All American RB Richie Sanders adds firepower to Ingolstadt Dukes

The Ingolstadt Dukes of the German Football League, added running back Richie Sanders to its roster for the 2018 season.

Sanders, an All-American out of Mercyhurst College (NCAA Div. II) in Erie, Pennsylvania, rushed for over 2,000 yards in his college career.

After completing an All-American career at Mercyhurst in 2016, Richie Sanders wasn’t quite ready to hang up his cleats.

The 5-foot-8, 190-pound running back arrived in Germany last week to prepare for his first season of American football in Europe with the Ingolstadt Dukes, a GFL quarterfinalist last season.

“What I am looking forward to most out of this experience, as far as football, is continue to be the player I have always been and improve. I stayed ready to play. I never gave up staying fit and active. I’m looking forward to seeing how far this team can go with my help and also the opportunity that could possibly come from just playing one season.”

Sanders, who received all-state honors at Lake Catholic High School in Mentor, Ohio, where he still holds several rushing records, spent five years at Mercyhurst.

He was even more successful there as he became the first Laker in program history to win the conference’s Freshman of the Year award. He closed out his career with multiple school records including 4,909 career all-purpose yards and 1,953 career kick-off return yards.

Sanders rushed for 2,112 yards on 421 carries at Mercyhurst, despite battling through three surgeries in five years.

“It was tough on me to battle through adversity, keeping the mindset of still being a football player and not giving up. Discipline and consistency, I’d say, helped me the most. There were times I wanted to give up. I didn’t think I still had what it takes to keep up with college ball, but I had the right people in my corner keeping my spirits high, faith strong and just flat out continuous motivation to overcome those adversities and continue playing football.”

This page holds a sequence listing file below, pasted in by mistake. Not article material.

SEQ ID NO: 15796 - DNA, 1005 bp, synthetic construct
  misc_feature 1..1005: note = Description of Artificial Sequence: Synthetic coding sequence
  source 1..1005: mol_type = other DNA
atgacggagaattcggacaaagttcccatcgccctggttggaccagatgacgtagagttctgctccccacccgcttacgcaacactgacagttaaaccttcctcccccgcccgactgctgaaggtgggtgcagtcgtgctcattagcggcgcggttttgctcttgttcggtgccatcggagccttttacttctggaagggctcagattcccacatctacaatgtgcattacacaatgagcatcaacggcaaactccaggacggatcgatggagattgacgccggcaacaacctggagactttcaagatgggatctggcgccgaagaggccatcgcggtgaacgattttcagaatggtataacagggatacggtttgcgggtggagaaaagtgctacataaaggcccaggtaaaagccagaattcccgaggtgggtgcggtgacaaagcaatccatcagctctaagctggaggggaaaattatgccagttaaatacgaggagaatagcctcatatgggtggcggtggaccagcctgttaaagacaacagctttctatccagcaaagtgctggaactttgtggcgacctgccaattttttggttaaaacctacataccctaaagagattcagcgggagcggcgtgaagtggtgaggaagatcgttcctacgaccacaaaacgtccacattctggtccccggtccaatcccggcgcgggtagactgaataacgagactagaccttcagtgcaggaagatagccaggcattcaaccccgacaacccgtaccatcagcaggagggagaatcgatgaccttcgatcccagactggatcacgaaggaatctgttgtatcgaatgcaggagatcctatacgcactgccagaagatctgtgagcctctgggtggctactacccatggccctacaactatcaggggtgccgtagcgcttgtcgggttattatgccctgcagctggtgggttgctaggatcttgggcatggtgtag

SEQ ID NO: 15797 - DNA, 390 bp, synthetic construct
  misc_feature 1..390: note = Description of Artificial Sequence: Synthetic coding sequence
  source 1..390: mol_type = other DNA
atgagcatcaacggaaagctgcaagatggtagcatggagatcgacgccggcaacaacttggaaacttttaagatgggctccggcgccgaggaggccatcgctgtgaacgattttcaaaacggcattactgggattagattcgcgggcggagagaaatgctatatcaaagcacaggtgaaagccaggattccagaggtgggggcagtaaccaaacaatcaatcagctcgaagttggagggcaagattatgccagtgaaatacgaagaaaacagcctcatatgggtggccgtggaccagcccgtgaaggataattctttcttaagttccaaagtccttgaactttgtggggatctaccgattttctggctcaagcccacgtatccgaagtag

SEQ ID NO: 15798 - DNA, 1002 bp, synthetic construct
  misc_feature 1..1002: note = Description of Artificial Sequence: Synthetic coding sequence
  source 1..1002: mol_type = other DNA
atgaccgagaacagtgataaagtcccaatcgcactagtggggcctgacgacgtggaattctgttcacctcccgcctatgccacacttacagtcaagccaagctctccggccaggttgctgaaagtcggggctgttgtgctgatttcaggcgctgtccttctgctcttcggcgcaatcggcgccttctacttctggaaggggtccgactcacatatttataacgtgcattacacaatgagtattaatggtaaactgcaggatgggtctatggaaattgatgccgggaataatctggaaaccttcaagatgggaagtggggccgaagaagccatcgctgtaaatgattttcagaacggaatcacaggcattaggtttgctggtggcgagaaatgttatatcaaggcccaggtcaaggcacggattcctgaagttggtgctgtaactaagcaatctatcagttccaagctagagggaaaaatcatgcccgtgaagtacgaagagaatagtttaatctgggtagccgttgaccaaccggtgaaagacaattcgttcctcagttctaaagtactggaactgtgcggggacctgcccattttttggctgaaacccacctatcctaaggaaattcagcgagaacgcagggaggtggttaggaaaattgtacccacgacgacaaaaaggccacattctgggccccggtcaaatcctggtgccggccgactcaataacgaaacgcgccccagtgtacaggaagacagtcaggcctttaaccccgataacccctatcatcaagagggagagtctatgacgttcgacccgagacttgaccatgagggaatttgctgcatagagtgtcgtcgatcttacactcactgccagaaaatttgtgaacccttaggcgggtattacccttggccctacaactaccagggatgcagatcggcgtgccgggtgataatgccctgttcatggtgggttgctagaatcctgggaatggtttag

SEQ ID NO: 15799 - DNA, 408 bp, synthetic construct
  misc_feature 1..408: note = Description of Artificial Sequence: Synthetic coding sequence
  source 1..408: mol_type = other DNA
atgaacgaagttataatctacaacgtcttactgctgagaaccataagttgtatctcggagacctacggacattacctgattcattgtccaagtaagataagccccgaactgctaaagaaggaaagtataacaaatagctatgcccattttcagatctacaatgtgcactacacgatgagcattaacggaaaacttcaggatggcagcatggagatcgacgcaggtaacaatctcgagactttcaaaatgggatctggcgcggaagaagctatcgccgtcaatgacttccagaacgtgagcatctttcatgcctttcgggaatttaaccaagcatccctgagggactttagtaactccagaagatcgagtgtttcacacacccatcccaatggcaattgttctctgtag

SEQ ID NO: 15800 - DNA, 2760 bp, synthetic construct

Sanders used a medical redshirt in 2012 and missed the first half of the 2013 season before seeing action as a sophomore. He then sat out the 2014 season and then played in the final 22 games of his college career.

Richie Sanders rushed for 290 yards in one high school game Photo: Tim Warsinskey,, The Plain Dealer

As a senior, he was named first team Pennsylvania State Athletic Conference as a running back and earned second team All-America honors through the Don Hansen Gazette and the American Football Coaches Association. He also was named to the Don Hansen Gazette Super Region Team.

“I fought hard to be better and do better each practice and each game and hard work does pay off,” Sanders said.

Now, he has another chance to prove he belongs.

That opportunity began with a simple Facebook message he received shortly after completing his career at Mercyhurst.

“I returned home to just work and get my life together. I received a message from a staff member on Ingolstadt asking if I was interested in playing pro football overseas. At first, I thought it was fake, but being the person I am, I was curious and responded.”

Ingolstadt made signing Sanders a top priority and he didn’t hesitate to accept the team’s offer.